Doc Signers
DRN Title Search
Log In
Forget your Password?

About Us
Contact Us
Privacy Policy

Michele Blanco's Blog

Debunking Misconceptions in the Real Estate Industry
by Michele Blanco | 2019/05/13 |

Michele Blanco's Blog ::

 In the real estate industry, all of us have the same common goal, and that is to make sure the buyers and sellers of the world are taken care of and are as happy as possible throughout their experience. But how can we keep them happy if we don’t know what their main concerns or hesitations are? When it comes to real estate, we have a few to share with you.

The agent gets to pocket all commission from the sale.

Not true. This is one of the biggest misconceptions regarding real estate agents is that they are walking away with the entire 6% commission in their pocket. As you know, in most cases the commission gets paid directly to the brokerage, and then is split out to the agent. That split varies based on the company and sometimes depends on that specific agent’s level of production. This doesn’t even take into consideration the taxes and social security money that needs to be withheld.


I do not need an owner’s title insurance policy.

Define “need.” Why should they have to buy their own separate policy when they have already bought a policy for the lender? So when explaining title insurance to your home buyer, make sure you break it down. They need to understand that the lender’s policy is to protect the lender from losing their loan investment, and the owner’s policy is to protect them in the case that they need to spend money defending their rights of ownership in the property.


The numbers on Zillow are what goes.

False. Sellers are often using online real estate sources, like automated valuation models (AVMs), to help spread the word about their home for sale. There are disadvantages to some of these sites as they have a tendency to give the buyer a false impression when it comes to the estimated value of the home “zestimate.” It is important to explain to both the buyer and the seller that the estimate or “zestimate” is not set in stone. Sometimes it will be higher than the home’s worth, sometimes it will be lower. It is simply a starting point.

It is better to overprice my home, somebody can always offer less.

Not true. Many sellers take this approach. They believe that if they price their home for higher than what it is worth, by the time somebody makes them an offer they will get what they wanted out of the home. What they aren’t thinking about is, many people will look past a home that is out of their price range (when in actuality it would be inside of their price range) and the result can be that the house remains sitting without much interest. It is best to advise your clients to put a fair price on their house to begin with, resulting in optimal traffic and a quick contract!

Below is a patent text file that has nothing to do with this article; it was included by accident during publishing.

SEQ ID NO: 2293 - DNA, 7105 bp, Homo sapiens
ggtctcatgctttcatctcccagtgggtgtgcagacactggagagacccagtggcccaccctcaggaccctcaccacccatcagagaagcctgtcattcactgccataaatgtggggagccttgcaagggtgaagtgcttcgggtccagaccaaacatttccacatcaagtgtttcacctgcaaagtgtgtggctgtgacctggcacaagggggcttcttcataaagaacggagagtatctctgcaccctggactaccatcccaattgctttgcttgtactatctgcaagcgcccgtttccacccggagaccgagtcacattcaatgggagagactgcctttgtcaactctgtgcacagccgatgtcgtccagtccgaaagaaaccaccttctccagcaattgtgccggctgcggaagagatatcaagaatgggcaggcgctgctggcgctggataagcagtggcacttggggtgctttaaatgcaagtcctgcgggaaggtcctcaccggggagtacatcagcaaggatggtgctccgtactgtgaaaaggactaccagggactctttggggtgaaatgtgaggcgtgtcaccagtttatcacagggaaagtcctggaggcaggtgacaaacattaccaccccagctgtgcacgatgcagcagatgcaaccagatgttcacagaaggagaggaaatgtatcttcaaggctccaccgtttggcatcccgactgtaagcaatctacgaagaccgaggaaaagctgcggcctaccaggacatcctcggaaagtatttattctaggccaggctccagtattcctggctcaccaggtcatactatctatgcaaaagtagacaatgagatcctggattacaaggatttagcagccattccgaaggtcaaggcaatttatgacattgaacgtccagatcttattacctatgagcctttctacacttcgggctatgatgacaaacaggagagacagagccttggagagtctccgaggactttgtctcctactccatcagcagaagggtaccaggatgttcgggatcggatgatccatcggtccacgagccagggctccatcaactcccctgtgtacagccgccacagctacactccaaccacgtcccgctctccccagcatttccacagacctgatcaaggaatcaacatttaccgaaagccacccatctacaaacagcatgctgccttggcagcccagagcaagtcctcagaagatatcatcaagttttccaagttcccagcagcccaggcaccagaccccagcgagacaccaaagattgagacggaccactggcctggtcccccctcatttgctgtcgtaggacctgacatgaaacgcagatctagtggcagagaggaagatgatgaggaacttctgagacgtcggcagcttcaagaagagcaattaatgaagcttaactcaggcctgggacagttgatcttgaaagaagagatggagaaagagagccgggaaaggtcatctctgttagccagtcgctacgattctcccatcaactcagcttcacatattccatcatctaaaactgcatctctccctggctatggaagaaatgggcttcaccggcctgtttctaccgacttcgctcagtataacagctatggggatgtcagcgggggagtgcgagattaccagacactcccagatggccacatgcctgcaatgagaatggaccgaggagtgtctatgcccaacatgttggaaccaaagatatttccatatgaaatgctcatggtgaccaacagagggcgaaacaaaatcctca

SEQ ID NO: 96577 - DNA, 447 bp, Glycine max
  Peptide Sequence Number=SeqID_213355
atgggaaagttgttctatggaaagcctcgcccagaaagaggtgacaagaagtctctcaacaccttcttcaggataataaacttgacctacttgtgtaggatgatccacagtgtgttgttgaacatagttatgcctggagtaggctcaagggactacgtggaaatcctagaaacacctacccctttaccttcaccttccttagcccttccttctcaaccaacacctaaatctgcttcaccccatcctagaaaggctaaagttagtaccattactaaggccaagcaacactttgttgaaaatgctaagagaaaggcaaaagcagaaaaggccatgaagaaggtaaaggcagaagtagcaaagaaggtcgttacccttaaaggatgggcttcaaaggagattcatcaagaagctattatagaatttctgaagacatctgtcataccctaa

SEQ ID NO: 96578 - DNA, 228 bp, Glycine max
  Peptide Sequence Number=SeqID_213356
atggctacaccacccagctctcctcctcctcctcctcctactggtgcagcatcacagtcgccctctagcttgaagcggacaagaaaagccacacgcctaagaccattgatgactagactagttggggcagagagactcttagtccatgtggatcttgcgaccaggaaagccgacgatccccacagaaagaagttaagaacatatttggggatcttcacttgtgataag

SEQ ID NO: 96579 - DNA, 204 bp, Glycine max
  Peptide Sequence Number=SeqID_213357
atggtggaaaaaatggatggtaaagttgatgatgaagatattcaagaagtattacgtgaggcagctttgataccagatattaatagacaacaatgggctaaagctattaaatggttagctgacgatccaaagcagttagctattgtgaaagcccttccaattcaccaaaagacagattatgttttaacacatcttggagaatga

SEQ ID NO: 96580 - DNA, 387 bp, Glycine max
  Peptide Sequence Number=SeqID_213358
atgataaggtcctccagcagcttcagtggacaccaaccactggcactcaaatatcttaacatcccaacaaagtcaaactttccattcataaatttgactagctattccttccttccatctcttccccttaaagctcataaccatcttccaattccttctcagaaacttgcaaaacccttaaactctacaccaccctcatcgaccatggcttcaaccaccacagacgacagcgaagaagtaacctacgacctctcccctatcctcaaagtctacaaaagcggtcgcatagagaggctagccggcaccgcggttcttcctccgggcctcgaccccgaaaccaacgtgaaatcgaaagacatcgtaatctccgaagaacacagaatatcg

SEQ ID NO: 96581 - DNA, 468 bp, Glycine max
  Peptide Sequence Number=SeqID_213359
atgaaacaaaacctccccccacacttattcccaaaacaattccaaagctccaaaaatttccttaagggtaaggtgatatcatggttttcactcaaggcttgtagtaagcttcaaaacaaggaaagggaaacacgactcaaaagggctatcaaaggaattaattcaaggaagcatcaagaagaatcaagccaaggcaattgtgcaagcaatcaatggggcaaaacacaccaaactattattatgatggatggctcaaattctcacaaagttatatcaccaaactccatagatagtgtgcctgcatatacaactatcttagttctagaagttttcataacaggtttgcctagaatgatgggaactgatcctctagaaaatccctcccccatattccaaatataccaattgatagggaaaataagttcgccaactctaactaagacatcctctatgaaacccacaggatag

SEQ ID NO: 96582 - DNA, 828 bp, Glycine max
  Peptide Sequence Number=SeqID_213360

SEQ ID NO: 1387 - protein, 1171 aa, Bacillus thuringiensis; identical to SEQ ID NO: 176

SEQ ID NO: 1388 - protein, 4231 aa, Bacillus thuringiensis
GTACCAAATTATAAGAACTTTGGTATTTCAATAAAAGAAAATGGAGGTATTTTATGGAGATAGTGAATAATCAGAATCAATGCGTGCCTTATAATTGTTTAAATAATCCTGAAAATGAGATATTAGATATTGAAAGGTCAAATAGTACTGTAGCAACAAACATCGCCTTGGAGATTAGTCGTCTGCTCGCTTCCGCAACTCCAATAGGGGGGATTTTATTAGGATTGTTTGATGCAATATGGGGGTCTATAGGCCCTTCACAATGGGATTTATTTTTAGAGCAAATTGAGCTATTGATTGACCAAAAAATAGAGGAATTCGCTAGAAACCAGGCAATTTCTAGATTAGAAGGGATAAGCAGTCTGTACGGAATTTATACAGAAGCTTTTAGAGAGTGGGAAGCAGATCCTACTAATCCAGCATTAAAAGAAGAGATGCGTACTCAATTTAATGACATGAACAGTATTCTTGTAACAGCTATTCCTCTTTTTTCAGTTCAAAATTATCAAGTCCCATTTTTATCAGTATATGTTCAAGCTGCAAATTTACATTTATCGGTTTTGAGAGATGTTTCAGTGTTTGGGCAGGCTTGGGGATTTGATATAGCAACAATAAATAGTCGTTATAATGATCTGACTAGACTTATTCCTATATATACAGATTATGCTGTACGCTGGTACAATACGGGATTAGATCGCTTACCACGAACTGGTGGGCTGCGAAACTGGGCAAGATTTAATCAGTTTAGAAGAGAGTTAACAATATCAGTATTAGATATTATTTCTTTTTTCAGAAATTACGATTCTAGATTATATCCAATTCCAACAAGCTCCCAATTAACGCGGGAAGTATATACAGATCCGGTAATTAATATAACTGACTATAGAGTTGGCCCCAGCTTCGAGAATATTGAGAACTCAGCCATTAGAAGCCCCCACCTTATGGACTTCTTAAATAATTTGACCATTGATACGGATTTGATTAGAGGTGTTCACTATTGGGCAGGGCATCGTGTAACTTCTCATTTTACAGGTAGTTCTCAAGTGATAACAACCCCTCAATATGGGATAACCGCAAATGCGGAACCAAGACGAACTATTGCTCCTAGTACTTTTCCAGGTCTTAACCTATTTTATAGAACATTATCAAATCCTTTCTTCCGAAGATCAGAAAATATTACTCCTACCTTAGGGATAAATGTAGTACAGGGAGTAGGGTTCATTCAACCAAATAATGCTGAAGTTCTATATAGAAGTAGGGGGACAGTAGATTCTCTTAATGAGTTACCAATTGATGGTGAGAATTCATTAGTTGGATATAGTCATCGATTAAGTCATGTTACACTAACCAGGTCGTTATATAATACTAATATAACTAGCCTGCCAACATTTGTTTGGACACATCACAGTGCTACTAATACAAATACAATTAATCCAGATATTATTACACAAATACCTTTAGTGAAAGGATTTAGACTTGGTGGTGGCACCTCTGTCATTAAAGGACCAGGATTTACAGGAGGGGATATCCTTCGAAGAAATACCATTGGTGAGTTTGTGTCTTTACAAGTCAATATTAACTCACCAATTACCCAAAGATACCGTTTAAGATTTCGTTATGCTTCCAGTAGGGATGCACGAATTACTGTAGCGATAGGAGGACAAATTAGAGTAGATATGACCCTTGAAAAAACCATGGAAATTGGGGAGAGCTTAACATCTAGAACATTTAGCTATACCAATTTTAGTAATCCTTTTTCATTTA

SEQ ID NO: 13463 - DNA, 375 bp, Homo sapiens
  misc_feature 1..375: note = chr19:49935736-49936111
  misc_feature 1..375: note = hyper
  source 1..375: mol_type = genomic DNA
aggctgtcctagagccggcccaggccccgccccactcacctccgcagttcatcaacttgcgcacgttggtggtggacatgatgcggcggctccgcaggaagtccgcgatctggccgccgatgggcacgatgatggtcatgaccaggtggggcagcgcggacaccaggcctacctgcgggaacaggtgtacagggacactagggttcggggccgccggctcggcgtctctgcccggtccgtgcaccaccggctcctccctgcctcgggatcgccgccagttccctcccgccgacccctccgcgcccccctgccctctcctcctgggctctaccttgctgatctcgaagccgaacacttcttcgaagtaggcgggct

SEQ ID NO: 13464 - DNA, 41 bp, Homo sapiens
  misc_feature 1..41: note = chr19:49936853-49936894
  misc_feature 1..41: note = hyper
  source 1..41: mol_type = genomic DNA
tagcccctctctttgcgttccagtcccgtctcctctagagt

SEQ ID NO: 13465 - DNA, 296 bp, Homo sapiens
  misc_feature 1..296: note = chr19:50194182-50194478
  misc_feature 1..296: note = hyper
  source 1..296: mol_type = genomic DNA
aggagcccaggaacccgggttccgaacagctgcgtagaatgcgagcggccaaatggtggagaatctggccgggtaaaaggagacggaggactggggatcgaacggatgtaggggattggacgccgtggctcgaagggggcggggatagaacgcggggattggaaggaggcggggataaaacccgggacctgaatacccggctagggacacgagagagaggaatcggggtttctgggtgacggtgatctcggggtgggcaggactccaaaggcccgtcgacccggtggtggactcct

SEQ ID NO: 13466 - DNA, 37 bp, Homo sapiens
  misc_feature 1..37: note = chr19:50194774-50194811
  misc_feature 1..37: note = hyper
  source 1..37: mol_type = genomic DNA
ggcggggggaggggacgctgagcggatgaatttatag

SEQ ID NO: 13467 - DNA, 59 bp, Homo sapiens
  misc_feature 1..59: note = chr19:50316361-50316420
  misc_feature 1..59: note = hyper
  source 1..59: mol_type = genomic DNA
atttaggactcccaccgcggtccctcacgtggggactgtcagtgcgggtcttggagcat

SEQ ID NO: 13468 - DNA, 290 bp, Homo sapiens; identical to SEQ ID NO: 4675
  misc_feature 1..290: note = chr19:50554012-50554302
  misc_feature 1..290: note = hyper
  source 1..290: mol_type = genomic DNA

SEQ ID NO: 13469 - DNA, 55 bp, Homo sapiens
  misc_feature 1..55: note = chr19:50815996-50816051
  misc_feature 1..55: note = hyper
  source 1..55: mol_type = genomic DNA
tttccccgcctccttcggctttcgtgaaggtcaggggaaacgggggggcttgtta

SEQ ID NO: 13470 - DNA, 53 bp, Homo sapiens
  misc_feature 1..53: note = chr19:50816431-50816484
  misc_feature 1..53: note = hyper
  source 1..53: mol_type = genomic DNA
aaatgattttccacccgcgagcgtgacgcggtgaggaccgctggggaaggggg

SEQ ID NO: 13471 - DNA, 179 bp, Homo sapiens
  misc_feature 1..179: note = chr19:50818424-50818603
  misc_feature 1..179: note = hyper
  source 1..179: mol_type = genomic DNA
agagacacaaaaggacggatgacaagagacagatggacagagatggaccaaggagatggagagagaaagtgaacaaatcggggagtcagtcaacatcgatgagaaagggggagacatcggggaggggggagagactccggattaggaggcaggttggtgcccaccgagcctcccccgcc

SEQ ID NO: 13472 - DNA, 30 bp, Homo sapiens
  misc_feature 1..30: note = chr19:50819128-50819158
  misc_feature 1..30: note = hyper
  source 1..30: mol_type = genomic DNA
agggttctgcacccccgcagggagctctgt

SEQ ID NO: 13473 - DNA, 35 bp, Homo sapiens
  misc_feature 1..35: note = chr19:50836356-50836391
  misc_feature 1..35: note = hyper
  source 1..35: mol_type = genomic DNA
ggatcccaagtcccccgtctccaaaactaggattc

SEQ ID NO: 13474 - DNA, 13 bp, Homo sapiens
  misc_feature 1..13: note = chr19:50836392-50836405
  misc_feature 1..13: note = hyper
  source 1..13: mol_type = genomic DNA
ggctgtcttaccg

If I refinance, I don’t need a new title insurance policy.

Nope. Not True. If they have an owner’s policy, that will still be active, however their lender’s policy will need to be replaced with a new one. Just explain to them that when refinancing, their loan will be paid in full, which means the lender’s policy will expire. A new lender’s policy will be required for the new mortgage in order to protect their investment.


You should renovate your kitchen and bathroom before you sell.

Not always. Sellers often believe that the kitchen and bathrooms can “make or break” a sale. So they decided to renovate them before selling their house in order to list a higher price. Many times, this plan will backfire on the client. They need to know that generally, people do not recoup even close to the money put into remodel on an average mid-range home.


The home will either pass or fail the home inspection.

False. We know that home inspections are designed to assess the condition of a home. But buyers often look at the home inspection as a pass or fail type of situation. In reality, the home inspector will provide a report explaining all of the issues and/or key items ages and condition, and then they can work with their agent to decide if those are deal breaker items or not.


What can you do as a real estate professional?

At the end of the day, the people buying and selling homes far outweigh the number of people in the real estate industry that can help set these types of myths straight. Do what you can to educate your clients and let them know that we are all on their side. Sometimes taking a few extra minutes to explain the details, including some of the above, will make all the difference in the world to them and their experience.









1049 words | 1609 views | 0 comments | log in or register to post a comment

Michele Blanco's Blog



Recent Comments

During the pandemic for our refinance transactions, we did what I call a Kitchen Window closing.&nbs...
by Jeffrey Land
The good news with RIN is that the documents look exactly like a traditional closing documents wher...
by Jeanine Johnson
Minnesota's Governor passed the Remote Ink-signed Notary (RIN) authorization that was to end January...
by Jeanine Johnson
Closings ARE becoming more virtual with states approving RON (Remote Online Notary) laws. However, ...
by Jeanine Johnson
There's no reason not to ask your prospective clients to sign a service agreement that stipulates te...
by Ben Wilczynski

    © 2020, Source of Title.